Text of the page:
14 February 2008

Limax maximus mating - part 2

In the 1st part of this series, using some of the main literature references, I gave a brief description of how the slug Limax maximus mates.

One steamy August nite last summer, while checking out the evening creatures in my backyard, I saw 2 L. maximus going single file up a pine tree. I had never seen L. maximus mate before, but because I had read about it, I realized immediately that this was how it was supposed to start. Someone once said that chance favors the prepared mind; that was indeed true my case (having a camera at hand was also quite helpful).

LimaxMaximusMating1

Luckily the slugs didn't climb high, but stayed at a height that was very comfortable for picture taking.

After their climb ended, they started circling around each other.

LimaxMaximusMating2

Such circles always rotate in a clockwise direction, because the genital openings of dextral slugs are on the right sides of their heads. If they were rotating in a counterclockwise direction, their genital openings would not face each other.

This was followed by a sudden embrace and the twisting of their bodies around each other.

LimaxMaximusMating3

While they were rolling down the trunk, one slug had already everted its penis and the tip of the other slug's penis was visible.

LimaxMaximusMating4

Soon, their penises were fully everted and intertwined. Here is a close-up of their tips.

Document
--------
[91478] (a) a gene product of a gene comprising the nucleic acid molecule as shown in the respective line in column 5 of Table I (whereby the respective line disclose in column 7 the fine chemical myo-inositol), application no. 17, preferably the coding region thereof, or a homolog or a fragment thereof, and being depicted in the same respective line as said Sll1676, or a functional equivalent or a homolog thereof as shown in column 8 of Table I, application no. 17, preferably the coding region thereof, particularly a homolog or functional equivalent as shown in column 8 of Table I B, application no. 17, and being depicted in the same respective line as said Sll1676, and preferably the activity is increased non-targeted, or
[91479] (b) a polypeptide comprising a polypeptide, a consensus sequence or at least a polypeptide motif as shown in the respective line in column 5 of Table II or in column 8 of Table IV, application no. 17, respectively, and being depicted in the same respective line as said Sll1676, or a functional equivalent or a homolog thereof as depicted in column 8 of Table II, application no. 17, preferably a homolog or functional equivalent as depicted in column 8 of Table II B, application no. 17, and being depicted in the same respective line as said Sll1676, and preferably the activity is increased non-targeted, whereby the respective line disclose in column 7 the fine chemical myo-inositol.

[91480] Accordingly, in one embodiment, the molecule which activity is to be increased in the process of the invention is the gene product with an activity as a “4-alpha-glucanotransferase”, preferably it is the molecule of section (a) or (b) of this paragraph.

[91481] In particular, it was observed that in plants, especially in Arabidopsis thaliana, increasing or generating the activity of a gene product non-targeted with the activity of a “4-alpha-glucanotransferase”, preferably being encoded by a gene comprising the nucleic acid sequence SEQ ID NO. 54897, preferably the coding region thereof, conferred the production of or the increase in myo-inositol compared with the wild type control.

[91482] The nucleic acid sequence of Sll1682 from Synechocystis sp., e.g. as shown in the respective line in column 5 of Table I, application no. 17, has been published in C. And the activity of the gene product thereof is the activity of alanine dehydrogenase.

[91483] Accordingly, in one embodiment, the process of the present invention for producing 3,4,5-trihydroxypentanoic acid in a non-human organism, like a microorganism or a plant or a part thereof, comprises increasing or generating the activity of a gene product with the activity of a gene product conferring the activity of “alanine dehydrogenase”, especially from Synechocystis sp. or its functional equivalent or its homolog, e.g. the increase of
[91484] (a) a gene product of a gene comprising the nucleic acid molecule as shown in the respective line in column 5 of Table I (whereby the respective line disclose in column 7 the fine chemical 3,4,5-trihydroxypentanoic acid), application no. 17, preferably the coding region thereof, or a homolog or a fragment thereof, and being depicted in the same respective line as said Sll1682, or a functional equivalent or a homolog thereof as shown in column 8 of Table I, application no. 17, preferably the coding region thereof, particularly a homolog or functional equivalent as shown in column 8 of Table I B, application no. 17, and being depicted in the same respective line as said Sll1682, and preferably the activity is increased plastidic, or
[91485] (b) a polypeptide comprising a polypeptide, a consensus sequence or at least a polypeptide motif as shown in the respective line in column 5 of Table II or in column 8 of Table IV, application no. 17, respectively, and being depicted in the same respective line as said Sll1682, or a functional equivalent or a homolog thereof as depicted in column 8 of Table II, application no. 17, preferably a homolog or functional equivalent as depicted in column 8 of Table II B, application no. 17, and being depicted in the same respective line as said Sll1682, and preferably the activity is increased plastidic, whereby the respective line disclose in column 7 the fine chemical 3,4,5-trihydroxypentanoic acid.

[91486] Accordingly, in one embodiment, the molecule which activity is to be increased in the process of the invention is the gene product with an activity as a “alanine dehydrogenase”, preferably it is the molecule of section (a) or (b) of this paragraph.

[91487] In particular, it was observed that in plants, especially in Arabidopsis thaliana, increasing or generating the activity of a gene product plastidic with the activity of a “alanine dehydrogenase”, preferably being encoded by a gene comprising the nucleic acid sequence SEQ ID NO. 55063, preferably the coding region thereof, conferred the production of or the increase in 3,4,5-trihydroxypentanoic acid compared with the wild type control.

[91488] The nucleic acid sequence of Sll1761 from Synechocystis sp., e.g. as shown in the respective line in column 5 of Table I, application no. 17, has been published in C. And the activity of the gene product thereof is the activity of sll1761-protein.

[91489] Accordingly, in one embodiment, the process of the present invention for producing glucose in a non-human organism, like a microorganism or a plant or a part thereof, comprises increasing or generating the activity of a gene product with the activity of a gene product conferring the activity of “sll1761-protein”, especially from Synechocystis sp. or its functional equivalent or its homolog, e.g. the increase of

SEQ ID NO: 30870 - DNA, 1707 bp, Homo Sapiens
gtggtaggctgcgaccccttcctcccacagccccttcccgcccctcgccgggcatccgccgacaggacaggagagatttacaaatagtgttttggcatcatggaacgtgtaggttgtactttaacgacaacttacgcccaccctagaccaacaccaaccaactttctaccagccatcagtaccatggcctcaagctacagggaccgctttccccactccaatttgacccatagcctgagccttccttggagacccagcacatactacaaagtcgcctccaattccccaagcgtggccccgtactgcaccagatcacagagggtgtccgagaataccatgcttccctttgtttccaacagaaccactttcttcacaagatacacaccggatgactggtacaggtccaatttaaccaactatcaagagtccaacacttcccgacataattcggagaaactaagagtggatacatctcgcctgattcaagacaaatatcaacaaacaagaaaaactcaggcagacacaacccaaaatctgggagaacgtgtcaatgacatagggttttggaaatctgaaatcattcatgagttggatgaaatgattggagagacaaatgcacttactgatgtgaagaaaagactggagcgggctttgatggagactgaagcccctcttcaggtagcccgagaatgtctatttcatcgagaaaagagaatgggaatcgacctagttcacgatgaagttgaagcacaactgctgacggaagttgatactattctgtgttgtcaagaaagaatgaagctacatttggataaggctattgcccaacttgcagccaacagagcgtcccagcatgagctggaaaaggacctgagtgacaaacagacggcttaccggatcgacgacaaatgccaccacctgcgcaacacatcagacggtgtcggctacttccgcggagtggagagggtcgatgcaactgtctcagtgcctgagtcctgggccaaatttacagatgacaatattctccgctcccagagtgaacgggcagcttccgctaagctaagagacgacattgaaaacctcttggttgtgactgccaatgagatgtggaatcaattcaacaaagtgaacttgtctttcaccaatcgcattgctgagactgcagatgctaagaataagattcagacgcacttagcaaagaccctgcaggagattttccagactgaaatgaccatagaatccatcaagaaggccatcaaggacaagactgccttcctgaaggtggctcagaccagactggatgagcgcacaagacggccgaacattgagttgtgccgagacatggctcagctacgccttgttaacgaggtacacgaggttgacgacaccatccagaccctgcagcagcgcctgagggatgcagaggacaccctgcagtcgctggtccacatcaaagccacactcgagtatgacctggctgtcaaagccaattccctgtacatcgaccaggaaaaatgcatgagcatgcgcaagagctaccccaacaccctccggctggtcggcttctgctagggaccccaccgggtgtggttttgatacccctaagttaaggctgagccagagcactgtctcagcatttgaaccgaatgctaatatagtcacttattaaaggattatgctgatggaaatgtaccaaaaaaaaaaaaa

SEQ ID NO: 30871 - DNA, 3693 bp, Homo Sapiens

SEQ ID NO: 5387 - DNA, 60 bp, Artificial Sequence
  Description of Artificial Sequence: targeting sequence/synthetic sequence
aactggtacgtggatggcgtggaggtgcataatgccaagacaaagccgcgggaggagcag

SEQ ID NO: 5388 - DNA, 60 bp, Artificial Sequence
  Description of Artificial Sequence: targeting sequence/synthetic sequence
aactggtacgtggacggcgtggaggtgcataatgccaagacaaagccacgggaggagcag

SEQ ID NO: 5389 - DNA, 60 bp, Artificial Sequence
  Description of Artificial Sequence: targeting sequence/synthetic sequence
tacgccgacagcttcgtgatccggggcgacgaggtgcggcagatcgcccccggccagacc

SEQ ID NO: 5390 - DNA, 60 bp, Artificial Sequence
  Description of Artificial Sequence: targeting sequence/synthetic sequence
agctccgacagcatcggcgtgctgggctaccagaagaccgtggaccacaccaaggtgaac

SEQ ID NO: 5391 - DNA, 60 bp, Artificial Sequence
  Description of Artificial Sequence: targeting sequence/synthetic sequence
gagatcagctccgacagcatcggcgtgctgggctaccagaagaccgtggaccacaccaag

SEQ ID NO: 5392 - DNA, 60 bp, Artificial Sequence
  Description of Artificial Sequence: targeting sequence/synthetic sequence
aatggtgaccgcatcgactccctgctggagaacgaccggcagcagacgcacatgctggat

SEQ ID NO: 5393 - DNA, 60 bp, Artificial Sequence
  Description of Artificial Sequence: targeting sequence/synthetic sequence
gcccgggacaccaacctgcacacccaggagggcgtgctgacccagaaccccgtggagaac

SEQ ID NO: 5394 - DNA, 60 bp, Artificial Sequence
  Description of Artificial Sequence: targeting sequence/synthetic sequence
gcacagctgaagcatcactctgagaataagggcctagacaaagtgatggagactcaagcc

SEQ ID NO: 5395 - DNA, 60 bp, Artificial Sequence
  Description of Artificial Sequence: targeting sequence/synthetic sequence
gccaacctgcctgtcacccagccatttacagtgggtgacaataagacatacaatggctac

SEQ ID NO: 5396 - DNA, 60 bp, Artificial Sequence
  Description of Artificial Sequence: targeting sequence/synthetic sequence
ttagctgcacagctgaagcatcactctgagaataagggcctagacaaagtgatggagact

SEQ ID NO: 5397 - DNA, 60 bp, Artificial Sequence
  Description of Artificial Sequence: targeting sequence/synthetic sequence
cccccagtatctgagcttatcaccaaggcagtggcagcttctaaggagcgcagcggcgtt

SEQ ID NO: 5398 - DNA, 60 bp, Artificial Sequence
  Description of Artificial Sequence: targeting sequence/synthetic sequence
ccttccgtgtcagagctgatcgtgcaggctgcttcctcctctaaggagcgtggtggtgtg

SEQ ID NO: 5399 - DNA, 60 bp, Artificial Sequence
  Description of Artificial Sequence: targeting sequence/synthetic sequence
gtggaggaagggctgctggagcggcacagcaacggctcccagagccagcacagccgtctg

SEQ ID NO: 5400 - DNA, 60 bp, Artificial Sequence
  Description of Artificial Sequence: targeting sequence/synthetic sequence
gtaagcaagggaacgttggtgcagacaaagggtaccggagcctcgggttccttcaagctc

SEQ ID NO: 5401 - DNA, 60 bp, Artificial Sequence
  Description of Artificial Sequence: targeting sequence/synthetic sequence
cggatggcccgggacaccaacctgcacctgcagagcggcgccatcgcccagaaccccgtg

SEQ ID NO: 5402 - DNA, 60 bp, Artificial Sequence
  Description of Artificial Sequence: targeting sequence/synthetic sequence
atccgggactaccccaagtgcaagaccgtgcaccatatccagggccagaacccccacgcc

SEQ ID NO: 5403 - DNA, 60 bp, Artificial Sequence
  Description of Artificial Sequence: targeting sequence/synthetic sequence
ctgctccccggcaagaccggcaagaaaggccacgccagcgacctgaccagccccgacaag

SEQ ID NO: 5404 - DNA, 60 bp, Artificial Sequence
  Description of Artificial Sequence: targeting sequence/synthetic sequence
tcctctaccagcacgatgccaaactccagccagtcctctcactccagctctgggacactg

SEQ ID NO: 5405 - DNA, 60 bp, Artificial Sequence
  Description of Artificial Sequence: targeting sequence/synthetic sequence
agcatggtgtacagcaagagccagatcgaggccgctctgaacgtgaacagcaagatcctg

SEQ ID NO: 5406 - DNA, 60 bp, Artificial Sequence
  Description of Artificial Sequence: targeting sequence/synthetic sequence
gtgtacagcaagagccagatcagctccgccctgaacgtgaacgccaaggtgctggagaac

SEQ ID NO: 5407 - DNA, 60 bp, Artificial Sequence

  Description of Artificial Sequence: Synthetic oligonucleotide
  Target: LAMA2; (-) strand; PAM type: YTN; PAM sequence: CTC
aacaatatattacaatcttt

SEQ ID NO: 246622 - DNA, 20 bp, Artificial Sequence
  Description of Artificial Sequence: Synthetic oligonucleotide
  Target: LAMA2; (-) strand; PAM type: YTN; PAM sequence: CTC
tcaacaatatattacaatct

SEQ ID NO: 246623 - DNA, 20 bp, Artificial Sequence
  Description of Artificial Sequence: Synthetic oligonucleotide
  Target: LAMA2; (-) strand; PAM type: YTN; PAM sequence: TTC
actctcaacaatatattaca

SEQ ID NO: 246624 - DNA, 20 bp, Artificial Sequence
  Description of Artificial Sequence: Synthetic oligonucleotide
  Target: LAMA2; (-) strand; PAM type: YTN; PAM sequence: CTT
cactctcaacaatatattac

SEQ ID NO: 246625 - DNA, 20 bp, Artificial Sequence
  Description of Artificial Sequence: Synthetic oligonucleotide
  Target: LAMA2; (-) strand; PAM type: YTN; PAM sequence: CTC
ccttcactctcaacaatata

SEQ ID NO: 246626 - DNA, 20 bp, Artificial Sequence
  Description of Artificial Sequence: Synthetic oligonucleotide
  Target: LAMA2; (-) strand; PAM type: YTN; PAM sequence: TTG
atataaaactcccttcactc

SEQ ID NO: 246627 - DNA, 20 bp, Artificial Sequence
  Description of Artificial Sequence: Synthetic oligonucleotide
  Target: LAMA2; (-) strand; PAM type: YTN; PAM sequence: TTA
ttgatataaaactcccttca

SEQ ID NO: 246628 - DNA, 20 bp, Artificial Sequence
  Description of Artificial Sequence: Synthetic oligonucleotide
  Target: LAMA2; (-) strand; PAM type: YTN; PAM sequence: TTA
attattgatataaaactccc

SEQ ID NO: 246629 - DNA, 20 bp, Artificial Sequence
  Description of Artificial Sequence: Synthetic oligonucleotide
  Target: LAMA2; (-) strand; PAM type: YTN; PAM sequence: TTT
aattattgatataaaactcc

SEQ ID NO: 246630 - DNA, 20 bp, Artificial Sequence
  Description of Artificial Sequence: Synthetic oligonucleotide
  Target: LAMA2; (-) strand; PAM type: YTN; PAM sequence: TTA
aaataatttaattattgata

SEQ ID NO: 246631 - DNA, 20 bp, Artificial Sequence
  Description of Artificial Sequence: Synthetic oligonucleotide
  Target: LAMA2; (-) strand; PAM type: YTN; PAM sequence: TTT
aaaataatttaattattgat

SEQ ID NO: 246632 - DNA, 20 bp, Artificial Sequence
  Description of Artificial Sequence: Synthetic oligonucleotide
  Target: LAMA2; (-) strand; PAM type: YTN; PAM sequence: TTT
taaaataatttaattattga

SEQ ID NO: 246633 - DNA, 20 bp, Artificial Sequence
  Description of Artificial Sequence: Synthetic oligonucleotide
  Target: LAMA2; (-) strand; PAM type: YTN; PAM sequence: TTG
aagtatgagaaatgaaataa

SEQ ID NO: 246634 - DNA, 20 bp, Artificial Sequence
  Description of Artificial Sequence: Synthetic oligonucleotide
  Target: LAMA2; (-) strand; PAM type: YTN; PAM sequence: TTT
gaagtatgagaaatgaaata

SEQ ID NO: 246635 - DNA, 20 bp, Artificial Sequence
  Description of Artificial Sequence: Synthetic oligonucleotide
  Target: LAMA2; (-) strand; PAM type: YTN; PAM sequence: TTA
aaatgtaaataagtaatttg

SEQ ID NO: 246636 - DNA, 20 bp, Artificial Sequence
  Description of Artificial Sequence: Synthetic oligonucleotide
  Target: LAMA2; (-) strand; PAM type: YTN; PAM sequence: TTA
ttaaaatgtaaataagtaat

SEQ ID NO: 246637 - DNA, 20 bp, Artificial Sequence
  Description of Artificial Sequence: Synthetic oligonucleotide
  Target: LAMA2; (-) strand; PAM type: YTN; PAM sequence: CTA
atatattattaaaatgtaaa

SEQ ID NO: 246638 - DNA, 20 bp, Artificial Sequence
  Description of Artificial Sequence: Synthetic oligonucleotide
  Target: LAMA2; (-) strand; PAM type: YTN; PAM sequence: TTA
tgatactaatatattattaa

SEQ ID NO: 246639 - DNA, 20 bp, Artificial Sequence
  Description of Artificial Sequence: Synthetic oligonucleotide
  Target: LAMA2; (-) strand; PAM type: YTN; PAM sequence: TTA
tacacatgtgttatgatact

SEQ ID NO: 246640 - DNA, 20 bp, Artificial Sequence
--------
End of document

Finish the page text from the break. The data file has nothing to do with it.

LimaxMaximusMating5

Finally, the penises expanded into a bell-shaped structure with a cool blue color. I suspect this is when they actually exchange spermatophores (cases of sperm).

LimaxMaximusMating6

The bell was present for only about 3 minutes and was followed by the withdrawal of the penises. You can see the tips of the disappearing penises of the still intertwined slugs in the next picture.

LimaxMaximusMating7

It was all over when one of the slugs quickly left the scene of their affair. But the other one remained behind and ate up the copious slime that they had secreted. The entire process, from the moment I took the 1st picture until the picture below, took 43 minutes.

LimaxMaximusMating8

The mating of L. maximus and several other species in the genus Limax, appears to be a very resource intensive way of exchanging sperm by a couple of hermaphrodites. Why not just do it on the ground like most other slugs? In fact, Limax flavus indeed mates on the ground.

Without elaborating, Leonard (2006) suggested that the mating behavior of L. maximus may have evolved under sexual selection. A talk by Gerhard Falkner & Barbara Klee at the World Congress of Malacology in Antwerp last July also discussed the possibility of sexual selection as the driving force behind the evolution of long penises in some members of the genus Limax. There is so much more to learn about these slugs. I can hardly wait until the next mating season!

Here is another set of pictures of mating L. maximus over at A Snail's Eye View.

The next part of this series will take a look at the genitalia of a dissected L. maximus.


Janet L. Leonard. 2006. Sexual selection: lessons from hermaphrodite mating systems.
Integrative and Comparative Biology 46:349-367.
pdf

13 comments:

Melissa said...